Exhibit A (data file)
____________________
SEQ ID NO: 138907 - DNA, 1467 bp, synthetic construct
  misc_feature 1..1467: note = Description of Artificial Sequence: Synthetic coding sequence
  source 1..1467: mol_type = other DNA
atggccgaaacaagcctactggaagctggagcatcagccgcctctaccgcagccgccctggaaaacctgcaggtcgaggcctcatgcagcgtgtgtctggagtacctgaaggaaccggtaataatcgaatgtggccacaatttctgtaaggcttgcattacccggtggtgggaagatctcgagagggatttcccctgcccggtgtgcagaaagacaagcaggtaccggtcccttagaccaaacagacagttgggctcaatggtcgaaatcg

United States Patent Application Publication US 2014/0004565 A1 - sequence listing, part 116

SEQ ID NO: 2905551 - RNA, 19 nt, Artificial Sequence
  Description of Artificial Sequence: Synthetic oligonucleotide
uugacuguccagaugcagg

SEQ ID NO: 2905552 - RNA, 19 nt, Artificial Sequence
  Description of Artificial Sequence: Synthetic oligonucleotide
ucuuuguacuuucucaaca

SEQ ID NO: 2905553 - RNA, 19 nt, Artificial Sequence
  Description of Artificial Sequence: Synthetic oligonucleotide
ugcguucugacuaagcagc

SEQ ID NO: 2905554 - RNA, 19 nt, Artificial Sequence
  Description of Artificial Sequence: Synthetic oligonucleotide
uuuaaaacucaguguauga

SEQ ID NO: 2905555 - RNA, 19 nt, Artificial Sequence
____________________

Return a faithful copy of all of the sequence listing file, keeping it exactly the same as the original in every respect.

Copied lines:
SEQ ID NO: 138907 - DNA, 1467 bp, synthetic construct
  misc_feature 1..1467: note = Description of Artificial Sequence: Synthetic coding sequence
  source 1..1467: mol_type = other DNA
atggccgaaacaagcctactggaagctggagcatcagccgcctctaccgcagccgccctggaaaacctgcaggtcgaggcctcatgcagcgtgtgtctggagtacctgaaggaaccggtaataatcgaatgtggccacaatttctgtaaggcttgcattacccggtggtgggaagatctcgagagggatttcccctgcccggtgtgcagaaagacaagcaggtaccggtcccttagaccaaacagacagttgggctcaatggtcgaaatcg

United States Patent Application Publication US 2014/0004565 A1 - sequence listing, part 116

SEQ ID NO: 2905551 - RNA, 19 nt, Artificial Sequence
  Description of Artificial Sequence: Synthetic oligonucleotide
uugacuguccagaugcagg

SEQ ID NO: 2905552 - RNA, 19 nt, Artificial Sequence
  Description of Artificial Sequence: Synthetic oligonucleotide
ucuuuguacuuucucaaca

SEQ ID NO: 2905553 - RNA, 19 nt, Artificial Sequence
  Description of Artificial Sequence: Synthetic oligonucleotide
ugcguucugacuaagcagc

SEQ ID NO: 2905554 - RNA, 19 nt, Artificial Sequence
  Description of Artificial Sequence: Synthetic oligonucleotide
uuuaaaacucaguguauga

SEQ ID NO: 2905555 - RNA, 19 nt, Artificial Sequence